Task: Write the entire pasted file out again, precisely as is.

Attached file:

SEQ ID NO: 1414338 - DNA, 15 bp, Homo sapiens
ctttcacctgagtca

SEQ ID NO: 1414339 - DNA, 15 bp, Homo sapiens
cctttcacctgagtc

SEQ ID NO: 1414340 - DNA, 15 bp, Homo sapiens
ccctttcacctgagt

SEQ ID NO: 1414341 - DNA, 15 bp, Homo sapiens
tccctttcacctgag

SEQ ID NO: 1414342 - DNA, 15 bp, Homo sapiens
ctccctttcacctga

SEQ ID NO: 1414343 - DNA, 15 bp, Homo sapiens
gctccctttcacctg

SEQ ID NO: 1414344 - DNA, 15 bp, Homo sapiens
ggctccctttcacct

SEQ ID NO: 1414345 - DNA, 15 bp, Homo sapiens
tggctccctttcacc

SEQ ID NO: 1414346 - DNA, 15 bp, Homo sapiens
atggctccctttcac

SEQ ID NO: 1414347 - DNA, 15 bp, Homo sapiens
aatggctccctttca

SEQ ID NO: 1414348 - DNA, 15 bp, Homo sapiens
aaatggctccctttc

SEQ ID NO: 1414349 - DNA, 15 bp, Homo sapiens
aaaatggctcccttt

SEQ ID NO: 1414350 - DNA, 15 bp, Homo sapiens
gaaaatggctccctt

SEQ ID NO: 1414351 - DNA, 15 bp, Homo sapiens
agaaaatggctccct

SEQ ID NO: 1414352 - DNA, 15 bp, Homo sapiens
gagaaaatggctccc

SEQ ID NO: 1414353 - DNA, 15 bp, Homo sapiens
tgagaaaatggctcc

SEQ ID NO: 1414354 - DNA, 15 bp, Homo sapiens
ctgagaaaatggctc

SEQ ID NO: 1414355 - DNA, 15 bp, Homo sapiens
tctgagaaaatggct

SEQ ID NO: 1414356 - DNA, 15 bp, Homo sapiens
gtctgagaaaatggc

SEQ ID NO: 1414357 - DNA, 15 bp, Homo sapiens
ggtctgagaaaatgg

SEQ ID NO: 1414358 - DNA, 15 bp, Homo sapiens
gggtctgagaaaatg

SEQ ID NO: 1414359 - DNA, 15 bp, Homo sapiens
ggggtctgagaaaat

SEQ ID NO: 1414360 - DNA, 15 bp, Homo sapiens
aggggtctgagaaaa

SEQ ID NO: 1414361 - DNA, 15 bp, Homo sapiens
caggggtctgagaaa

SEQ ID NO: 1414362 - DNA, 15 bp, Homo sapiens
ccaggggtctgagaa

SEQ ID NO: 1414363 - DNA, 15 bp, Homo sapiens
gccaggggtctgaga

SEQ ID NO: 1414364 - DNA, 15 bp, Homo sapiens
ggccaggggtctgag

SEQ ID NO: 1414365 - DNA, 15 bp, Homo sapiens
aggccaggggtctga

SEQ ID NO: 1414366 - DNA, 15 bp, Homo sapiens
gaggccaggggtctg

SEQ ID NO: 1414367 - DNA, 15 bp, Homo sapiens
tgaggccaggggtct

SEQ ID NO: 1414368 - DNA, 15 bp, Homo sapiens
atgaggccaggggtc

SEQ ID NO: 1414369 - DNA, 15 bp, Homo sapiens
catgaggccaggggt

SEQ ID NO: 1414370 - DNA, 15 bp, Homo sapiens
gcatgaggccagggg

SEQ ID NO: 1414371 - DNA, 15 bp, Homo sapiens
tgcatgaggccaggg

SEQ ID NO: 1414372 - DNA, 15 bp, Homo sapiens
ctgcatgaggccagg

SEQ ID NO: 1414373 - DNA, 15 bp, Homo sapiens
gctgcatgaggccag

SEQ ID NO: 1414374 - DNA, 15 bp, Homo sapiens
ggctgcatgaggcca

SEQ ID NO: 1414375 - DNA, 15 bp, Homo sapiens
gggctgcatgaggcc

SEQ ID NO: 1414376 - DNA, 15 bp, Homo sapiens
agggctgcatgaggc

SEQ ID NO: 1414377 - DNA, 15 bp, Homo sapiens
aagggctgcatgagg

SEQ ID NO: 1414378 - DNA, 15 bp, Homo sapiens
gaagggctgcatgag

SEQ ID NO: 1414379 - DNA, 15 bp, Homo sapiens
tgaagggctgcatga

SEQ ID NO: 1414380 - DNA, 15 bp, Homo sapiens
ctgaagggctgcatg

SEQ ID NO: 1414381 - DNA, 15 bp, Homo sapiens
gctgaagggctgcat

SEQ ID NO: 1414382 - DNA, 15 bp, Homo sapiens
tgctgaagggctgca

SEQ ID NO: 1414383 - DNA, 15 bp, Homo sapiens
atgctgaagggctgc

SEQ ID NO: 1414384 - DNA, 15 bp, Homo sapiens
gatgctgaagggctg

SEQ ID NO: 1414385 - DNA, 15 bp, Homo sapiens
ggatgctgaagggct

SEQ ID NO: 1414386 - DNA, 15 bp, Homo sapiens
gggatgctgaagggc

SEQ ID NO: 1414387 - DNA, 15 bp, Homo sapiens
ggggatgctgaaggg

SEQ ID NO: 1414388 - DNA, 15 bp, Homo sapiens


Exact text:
SEQ ID NO: 1414338 - DNA, 15 bp, Homo sapiens
ctttcacctgagtca

SEQ ID NO: 1414339 - DNA, 15 bp, Homo sapiens
cctttcacctgagtc

SEQ ID NO: 1414340 - DNA, 15 bp, Homo sapiens
ccctttcacctgagt

SEQ ID NO: 1414341 - DNA, 15 bp, Homo sapiens
tccctttcacctgag

SEQ ID NO: 1414342 - DNA, 15 bp, Homo sapiens
ctccctttcacctga

SEQ ID NO: 1414343 - DNA, 15 bp, Homo sapiens
gctccctttcacctg

SEQ ID NO: 1414344 - DNA, 15 bp, Homo sapiens
ggctccctttcacct

SEQ ID NO: 1414345 - DNA, 15 bp, Homo sapiens
tggctccctttcacc

SEQ ID NO: 1414346 - DNA, 15 bp, Homo sapiens
atggctccctttcac

SEQ ID NO: 1414347 - DNA, 15 bp, Homo sapiens
aatggctccctttca

SEQ ID NO: 1414348 - DNA, 15 bp, Homo sapiens
aaatggctccctttc

SEQ ID NO: 1414349 - DNA, 15 bp, Homo sapiens
aaaatggctcccttt

SEQ ID NO: 1414350 - DNA, 15 bp, Homo sapiens
gaaaatggctccctt

SEQ ID NO: 1414351 - DNA, 15 bp, Homo sapiens
agaaaatggctccct

SEQ ID NO: 1414352 - DNA, 15 bp, Homo sapiens
gagaaaatggctccc

SEQ ID NO: 1414353 - DNA, 15 bp, Homo sapiens
tgagaaaatggctcc

SEQ ID NO: 1414354 - DNA, 15 bp, Homo sapiens
ctgagaaaatggctc

SEQ ID NO: 1414355 - DNA, 15 bp, Homo sapiens
tctgagaaaatggct

SEQ ID NO: 1414356 - DNA, 15 bp, Homo sapiens
gtctgagaaaatggc

SEQ ID NO: 1414357 - DNA, 15 bp, Homo sapiens
ggtctgagaaaatgg

SEQ ID NO: 1414358 - DNA, 15 bp, Homo sapiens
gggtctgagaaaatg

SEQ ID NO: 1414359 - DNA, 15 bp, Homo sapiens
ggggtctgagaaaat

SEQ ID NO: 1414360 - DNA, 15 bp, Homo sapiens
aggggtctgagaaaa

SEQ ID NO: 1414361 - DNA, 15 bp, Homo sapiens
caggggtctgagaaa

SEQ ID NO: 1414362 - DNA, 15 bp, Homo sapiens
ccaggggtctgagaa

SEQ ID NO: 1414363 - DNA, 15 bp, Homo sapiens
gccaggggtctgaga

SEQ ID NO: 1414364 - DNA, 15 bp, Homo sapiens
ggccaggggtctgag

SEQ ID NO: 1414365 - DNA, 15 bp, Homo sapiens
aggccaggggtctga

SEQ ID NO: 1414366 - DNA, 15 bp, Homo sapiens
gaggccaggggtctg

SEQ ID NO: 1414367 - DNA, 15 bp, Homo sapiens
tgaggccaggggtct

SEQ ID NO: 1414368 - DNA, 15 bp, Homo sapiens
atgaggccaggggtc

SEQ ID NO: 1414369 - DNA, 15 bp, Homo sapiens
catgaggccaggggt

SEQ ID NO: 1414370 - DNA, 15 bp, Homo sapiens
gcatgaggccagggg

SEQ ID NO: 1414371 - DNA, 15 bp, Homo sapiens
tgcatgaggccaggg

SEQ ID NO: 1414372 - DNA, 15 bp, Homo sapiens
ctgcatgaggccagg

SEQ ID NO: 1414373 - DNA, 15 bp, Homo sapiens
gctgcatgaggccag

SEQ ID NO: 1414374 - DNA, 15 bp, Homo sapiens
ggctgcatgaggcca

SEQ ID NO: 1414375 - DNA, 15 bp, Homo sapiens
gggctgcatgaggcc

SEQ ID NO: 1414376 - DNA, 15 bp, Homo sapiens
agggctgcatgaggc

SEQ ID NO: 1414377 - DNA, 15 bp, Homo sapiens
aagggctgcatgagg

SEQ ID NO: 1414378 - DNA, 15 bp, Homo sapiens
gaagggctgcatgag

SEQ ID NO: 1414379 - DNA, 15 bp, Homo sapiens
tgaagggctgcatga

SEQ ID NO: 1414380 - DNA, 15 bp, Homo sapiens
ctgaagggctgcatg

SEQ ID NO: 1414381 - DNA, 15 bp, Homo sapiens
gctgaagggctgcat

SEQ ID NO: 1414382 - DNA, 15 bp, Homo sapiens
tgctgaagggctgca

SEQ ID NO: 1414383 - DNA, 15 bp, Homo sapiens
atgctgaagggctgc

SEQ ID NO: 1414384 - DNA, 15 bp, Homo sapiens
gatgctgaagggctg

SEQ ID NO: 1414385 - DNA, 15 bp, Homo sapiens
ggatgctgaagggct

SEQ ID NO: 1414386 - DNA, 15 bp, Homo sapiens
gggatgctgaagggc

SEQ ID NO: 1414387 - DNA, 15 bp, Homo sapiens
ggggatgctgaaggg

SEQ ID NO: 1414388 - DNA, 15 bp, Homo sapiens